Imagine being in a future city. The air is clean, the streets are full of life, with trees, birds, happy people and ubiquitous robots doing their chores. People move around in driverless electric buses enjoying their free time because artificial intelligences and robots do much of the work. How is your food produced? Most of it within the city itself: hydroponics are everywhere in vertical gardens and greenhouses.

Ok, I admit it sounds utopian but I like being optimistic. Even if you do not agree with the positive tone, you should concede that hydroponics and urban farming becoming big seems very probable. In fact, I am quite sure that we will see hydroponic cultures extensively deployed in every urban area over the next 20 years. Of course, traditional farming will not disappear, but certainly some non-trivial percentage of the cities’ food needs will be produced locally. How can I be so sure? Because hydroponics solves very well several problems of traditional farming at the same time: water over-use, complex logistics, contamination and centralization. Moreover, cities becoming more self-sufficient is strategically sound. The incentives are there, the technology is mature enough, the economics make sense: it is going to happen. If you look closely you can already see the trend forming.


That is the “What”. What about the “How”?

How is going to develop the urban farming marketplace? My bet is on an atomized one, with many small sized companies which grow enough of something to cater for a neighborhood and some medium companies of maybe regional level. There will be less intermediaries because it is very easy for a local farmer to sell directly door to door or at the local market. I don’t see big companies into this space because farming is a business that does not scale well and the margins in agriculture are not great. An atomized market means competence and variety, so it should be good.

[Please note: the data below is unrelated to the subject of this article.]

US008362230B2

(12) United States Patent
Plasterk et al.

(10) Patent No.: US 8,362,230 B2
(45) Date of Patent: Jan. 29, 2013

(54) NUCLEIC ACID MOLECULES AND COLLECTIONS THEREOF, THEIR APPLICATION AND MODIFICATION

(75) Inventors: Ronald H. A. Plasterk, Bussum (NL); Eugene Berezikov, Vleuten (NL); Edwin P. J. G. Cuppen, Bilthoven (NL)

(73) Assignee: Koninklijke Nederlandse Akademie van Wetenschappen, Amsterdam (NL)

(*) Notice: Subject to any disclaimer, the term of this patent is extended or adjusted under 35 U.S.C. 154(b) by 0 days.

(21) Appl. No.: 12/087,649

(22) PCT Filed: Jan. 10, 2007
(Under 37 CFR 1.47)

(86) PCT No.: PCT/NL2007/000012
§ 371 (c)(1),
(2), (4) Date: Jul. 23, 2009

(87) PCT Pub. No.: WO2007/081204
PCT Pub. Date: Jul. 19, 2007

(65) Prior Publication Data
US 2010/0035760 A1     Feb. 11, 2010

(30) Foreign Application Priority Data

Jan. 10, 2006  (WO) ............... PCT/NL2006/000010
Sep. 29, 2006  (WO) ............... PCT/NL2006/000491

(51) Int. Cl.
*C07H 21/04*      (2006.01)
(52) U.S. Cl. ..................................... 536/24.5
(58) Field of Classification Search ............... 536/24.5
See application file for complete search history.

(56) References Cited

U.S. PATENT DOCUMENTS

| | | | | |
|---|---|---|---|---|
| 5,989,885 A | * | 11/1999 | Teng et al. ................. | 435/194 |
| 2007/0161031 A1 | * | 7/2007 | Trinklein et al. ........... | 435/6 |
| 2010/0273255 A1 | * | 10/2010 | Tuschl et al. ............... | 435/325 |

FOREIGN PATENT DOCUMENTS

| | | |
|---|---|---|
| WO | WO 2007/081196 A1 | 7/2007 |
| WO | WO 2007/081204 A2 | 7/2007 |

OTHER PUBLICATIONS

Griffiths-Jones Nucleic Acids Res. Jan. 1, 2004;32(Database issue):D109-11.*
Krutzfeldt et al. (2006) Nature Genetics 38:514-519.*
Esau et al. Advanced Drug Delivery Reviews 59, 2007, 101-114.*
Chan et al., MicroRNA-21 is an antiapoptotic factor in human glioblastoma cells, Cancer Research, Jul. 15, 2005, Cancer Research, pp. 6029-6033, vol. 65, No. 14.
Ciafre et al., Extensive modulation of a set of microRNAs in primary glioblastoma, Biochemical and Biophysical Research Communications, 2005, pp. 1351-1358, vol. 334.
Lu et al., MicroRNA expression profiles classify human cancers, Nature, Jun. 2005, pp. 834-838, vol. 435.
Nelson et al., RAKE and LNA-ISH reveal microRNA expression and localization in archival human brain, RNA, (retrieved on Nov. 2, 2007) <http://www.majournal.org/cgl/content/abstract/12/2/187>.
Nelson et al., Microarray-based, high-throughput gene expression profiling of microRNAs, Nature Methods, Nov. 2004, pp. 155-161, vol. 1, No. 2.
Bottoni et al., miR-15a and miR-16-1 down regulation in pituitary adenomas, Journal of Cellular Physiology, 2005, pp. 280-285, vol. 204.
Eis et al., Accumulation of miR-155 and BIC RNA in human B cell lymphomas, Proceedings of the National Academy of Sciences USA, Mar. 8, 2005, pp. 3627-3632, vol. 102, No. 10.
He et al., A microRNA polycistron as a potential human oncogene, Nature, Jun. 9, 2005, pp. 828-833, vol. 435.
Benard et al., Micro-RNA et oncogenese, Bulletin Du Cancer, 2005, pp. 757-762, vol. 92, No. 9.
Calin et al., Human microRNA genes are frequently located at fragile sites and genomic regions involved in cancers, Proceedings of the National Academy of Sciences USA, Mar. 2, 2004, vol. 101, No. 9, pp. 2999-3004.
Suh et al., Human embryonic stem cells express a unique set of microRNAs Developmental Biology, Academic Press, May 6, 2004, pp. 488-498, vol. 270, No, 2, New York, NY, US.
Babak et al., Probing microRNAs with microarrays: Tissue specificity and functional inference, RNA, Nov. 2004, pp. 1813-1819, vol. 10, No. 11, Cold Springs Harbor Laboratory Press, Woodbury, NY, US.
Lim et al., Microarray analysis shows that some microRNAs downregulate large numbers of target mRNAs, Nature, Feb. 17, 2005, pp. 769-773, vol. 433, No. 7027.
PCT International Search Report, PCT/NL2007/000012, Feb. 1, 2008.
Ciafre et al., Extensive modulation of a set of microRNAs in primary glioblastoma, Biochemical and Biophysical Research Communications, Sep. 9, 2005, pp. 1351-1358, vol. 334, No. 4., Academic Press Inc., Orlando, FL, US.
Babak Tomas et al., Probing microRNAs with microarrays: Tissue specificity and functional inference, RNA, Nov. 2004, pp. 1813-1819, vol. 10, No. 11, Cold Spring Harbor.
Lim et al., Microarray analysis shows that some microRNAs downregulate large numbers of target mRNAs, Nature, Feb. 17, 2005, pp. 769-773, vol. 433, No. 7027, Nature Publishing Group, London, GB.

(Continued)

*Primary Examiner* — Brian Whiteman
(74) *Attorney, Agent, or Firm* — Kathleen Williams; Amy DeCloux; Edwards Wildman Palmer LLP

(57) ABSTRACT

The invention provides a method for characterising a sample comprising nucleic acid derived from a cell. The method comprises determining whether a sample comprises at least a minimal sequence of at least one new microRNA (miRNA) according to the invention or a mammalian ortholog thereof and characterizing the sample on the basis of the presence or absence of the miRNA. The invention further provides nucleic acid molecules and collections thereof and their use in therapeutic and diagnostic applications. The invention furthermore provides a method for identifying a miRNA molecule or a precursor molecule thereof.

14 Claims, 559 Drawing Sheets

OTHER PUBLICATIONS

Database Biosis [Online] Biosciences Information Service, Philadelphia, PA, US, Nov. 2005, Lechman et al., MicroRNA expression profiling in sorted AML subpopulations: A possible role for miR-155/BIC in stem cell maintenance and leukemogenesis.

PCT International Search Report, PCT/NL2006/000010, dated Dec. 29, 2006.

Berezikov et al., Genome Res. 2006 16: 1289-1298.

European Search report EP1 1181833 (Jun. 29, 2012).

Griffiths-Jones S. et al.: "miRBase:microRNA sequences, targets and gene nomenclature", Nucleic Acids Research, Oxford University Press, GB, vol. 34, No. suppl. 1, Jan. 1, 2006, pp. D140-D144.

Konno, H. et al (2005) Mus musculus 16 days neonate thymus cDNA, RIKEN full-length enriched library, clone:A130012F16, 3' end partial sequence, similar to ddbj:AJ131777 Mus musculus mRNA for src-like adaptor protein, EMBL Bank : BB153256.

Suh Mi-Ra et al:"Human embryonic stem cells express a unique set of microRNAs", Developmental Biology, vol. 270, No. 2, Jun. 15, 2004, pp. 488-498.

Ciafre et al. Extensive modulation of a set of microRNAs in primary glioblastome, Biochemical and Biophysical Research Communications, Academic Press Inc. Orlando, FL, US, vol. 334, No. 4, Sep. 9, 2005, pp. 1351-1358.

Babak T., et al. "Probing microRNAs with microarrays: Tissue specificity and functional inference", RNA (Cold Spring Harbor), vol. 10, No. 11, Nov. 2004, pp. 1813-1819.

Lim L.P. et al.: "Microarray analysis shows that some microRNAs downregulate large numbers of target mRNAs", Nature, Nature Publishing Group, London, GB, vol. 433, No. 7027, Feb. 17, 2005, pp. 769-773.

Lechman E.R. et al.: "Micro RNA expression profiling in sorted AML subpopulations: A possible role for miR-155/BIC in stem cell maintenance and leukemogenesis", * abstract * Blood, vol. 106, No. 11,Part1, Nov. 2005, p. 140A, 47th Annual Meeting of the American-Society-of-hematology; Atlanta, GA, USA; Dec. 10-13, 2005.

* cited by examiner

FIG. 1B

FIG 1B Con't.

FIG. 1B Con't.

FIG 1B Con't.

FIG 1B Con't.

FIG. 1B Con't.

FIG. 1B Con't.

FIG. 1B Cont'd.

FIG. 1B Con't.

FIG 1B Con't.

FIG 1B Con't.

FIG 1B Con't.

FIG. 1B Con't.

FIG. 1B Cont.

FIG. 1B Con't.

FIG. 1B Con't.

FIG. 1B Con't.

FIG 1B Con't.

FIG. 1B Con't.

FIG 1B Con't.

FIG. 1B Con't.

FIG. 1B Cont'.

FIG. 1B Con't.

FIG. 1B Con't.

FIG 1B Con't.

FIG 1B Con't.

Expect specialization

In a professional greenhouse you do not grow different things (unless you are experimenting) because it is not cost efficient. This probably means that there will be cooperatives or local distributors.

The importance of the non-business side, that is people growing for themselves, is more difficult to predict. It is possible (but not sure) that it grows popular and becomes a huge, worldwide trend. At the least, there will be a strong community of urban growers, because it really is a very satisfying activity, somehow ingrained in our collective unconscious. I do not know about the size of this community, but robots will make many people unoccupied so, it will probably be big.


So robots will do all the work?

In big operations most of it, but do not expect full automation to arrive tomorrow. In small scale indoor farming, adoption will be even slower. This job contains many different micro-tasks which are difficult to robotize in a cost-effective manner. Besides, taking care is something we humans still do quite better than robots, and a good deal of farming consists on taking care. In the near future there will be robots, and artificial intelligences, but they will help us. We will see them as tools or maybe even as part of our team.

I see that I already wrote a lot more than I intended: this subject gets me excited. If you liked it, tell me and I will try to go deeper into some of the subjects hinted in this post. As always, thanks for reading!

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